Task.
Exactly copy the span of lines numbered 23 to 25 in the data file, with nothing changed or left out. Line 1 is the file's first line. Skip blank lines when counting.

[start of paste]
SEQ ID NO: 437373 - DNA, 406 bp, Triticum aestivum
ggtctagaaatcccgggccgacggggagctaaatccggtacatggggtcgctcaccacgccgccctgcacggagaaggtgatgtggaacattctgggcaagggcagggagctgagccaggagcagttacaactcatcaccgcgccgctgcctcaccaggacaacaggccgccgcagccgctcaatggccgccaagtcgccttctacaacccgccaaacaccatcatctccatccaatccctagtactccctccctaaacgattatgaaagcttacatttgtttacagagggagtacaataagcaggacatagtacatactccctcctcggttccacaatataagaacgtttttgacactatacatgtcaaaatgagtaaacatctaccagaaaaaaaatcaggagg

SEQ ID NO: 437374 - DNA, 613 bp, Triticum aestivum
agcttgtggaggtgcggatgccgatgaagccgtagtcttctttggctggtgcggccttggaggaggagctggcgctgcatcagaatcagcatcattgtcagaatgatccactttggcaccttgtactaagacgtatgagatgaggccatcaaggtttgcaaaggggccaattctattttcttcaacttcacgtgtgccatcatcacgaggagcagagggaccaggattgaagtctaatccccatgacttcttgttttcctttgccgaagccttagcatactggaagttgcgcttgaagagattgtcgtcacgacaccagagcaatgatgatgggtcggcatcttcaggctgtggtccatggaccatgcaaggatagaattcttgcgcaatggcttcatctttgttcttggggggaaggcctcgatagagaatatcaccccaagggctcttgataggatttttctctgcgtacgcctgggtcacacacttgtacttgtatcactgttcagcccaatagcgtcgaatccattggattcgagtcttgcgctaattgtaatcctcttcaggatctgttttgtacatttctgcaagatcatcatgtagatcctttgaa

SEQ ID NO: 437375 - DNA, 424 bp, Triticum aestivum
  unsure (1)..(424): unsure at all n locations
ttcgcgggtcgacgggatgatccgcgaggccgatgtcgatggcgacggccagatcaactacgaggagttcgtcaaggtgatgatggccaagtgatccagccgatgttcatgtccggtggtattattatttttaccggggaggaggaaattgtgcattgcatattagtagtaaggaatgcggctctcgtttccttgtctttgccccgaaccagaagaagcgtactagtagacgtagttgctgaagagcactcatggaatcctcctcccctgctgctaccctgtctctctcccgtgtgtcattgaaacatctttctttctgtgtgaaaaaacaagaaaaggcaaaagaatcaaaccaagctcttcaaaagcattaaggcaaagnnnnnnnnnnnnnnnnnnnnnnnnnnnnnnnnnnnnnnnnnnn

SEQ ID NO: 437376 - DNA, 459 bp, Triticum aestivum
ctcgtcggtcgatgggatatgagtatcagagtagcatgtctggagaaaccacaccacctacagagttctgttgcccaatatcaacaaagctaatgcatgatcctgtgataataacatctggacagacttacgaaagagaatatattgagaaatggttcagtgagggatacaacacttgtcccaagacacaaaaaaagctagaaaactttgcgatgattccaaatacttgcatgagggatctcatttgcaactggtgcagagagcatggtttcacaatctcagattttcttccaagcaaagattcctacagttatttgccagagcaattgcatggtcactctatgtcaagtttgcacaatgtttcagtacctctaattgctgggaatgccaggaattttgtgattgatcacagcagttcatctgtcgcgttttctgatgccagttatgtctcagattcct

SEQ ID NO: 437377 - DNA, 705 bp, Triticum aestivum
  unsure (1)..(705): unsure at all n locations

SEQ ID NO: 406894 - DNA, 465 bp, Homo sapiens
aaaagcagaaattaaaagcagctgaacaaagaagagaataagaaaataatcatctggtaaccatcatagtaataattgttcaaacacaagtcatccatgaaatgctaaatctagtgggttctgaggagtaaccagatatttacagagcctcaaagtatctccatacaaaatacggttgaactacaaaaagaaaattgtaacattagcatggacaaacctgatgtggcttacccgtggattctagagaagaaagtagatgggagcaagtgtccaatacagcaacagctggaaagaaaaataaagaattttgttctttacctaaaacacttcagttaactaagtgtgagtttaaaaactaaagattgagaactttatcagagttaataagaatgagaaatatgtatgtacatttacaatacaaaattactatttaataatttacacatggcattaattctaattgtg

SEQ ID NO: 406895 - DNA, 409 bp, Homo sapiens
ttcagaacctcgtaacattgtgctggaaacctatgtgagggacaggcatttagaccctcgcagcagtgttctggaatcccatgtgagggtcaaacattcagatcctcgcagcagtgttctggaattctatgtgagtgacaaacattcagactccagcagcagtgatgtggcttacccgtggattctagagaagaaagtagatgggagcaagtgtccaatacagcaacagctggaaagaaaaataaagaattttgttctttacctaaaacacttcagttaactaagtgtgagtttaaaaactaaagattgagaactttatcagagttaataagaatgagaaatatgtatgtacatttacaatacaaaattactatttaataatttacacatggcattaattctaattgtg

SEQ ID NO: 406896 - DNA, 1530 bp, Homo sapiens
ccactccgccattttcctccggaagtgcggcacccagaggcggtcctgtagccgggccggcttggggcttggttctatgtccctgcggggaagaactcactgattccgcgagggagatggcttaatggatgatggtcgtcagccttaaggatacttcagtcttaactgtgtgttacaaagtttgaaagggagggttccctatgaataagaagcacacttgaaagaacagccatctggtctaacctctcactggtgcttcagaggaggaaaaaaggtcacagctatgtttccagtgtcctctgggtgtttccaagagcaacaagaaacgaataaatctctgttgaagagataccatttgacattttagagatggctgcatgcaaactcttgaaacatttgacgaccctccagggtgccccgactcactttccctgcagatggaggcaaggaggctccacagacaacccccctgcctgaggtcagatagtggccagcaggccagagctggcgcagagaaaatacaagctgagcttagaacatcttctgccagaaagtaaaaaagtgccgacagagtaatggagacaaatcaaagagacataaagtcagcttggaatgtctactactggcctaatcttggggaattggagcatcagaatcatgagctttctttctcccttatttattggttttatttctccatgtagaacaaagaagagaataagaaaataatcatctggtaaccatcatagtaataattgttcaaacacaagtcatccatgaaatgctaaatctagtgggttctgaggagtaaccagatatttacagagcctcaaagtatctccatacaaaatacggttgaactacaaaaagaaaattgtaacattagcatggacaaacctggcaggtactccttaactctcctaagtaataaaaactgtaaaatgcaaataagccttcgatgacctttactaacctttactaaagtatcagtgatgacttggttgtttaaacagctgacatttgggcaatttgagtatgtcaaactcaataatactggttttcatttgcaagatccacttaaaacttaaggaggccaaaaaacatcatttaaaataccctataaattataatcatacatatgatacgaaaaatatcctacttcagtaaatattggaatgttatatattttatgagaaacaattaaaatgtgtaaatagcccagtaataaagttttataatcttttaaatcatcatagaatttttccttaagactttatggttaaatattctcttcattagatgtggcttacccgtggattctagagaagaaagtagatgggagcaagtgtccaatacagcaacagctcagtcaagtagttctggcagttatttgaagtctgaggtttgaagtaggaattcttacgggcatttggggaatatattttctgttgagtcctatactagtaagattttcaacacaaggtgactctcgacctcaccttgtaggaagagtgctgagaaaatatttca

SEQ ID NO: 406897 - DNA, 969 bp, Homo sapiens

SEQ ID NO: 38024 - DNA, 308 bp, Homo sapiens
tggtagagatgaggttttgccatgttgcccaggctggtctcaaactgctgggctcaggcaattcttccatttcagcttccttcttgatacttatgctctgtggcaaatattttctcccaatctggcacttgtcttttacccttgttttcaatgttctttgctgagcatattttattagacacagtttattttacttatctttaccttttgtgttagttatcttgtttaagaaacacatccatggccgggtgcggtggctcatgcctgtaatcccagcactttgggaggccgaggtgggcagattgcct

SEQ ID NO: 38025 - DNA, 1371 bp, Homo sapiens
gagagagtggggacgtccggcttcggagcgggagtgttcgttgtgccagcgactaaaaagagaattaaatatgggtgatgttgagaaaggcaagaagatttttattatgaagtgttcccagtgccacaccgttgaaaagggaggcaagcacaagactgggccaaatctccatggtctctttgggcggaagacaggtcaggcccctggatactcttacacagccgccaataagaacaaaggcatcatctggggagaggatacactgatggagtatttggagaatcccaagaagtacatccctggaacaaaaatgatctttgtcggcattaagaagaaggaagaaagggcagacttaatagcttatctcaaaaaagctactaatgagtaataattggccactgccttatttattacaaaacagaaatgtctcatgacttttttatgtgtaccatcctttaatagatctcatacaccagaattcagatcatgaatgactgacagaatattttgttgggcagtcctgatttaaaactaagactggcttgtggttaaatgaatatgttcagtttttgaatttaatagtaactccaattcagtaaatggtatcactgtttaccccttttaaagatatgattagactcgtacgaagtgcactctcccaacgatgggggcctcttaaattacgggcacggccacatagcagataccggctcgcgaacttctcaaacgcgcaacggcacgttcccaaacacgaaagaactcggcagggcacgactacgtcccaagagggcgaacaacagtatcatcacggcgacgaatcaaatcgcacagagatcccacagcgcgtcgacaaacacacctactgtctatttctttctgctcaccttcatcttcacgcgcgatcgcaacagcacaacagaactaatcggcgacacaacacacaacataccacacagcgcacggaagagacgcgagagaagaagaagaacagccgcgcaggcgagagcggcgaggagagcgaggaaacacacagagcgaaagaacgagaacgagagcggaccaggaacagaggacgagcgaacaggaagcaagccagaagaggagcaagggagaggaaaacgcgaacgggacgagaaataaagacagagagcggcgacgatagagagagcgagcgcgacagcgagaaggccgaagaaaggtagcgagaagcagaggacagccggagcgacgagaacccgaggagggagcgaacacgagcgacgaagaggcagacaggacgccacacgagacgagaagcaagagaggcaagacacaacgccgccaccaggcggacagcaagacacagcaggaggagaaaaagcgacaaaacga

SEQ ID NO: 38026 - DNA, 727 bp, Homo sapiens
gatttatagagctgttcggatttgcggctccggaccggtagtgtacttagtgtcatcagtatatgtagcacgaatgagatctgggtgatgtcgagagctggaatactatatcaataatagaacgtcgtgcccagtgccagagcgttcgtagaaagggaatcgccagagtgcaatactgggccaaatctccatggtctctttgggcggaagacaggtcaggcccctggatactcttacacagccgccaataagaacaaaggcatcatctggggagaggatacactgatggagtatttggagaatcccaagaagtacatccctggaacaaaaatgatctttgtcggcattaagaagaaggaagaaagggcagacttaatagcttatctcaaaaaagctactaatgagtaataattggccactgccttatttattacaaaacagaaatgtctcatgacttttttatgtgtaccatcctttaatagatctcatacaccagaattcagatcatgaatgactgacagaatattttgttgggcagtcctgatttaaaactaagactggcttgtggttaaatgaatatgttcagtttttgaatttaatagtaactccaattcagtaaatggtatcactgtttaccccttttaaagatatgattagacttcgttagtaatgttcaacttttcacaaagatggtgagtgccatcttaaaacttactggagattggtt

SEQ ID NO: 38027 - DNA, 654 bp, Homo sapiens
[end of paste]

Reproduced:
SEQ ID NO: 38026 - DNA, 727 bp, Homo sapiens
gatttatagagctgttcggatttgcggctccggaccggtagtgtacttagtgtcatcagtatatgtagcacgaatgagatctgggtgatgtcgagagctggaatactatatcaataatagaacgtcgtgcccagtgccagagcgttcgtagaaagggaatcgccagagtgcaatactgggccaaatctccatggtctctttgggcggaagacaggtcaggcccctggatactcttacacagccgccaataagaacaaaggcatcatctggggagaggatacactgatggagtatttggagaatcccaagaagtacatccctggaacaaaaatgatctttgtcggcattaagaagaaggaagaaagggcagacttaatagcttatctcaaaaaagctactaatgagtaataattggccactgccttatttattacaaaacagaaatgtctcatgacttttttatgtgtaccatcctttaatagatctcatacaccagaattcagatcatgaatgactgacagaatattttgttgggcagtcctgatttaaaactaagactggcttgtggttaaatgaatatgttcagtttttgaatttaatagtaactccaattcagtaaatggtatcactgtttaccccttttaaagatatgattagacttcgttagtaatgttcaacttttcacaaagatggtgagtgccatcttaaaacttactggagattggtt

SEQ ID NO: 38027 - DNA, 654 bp, Homo sapiens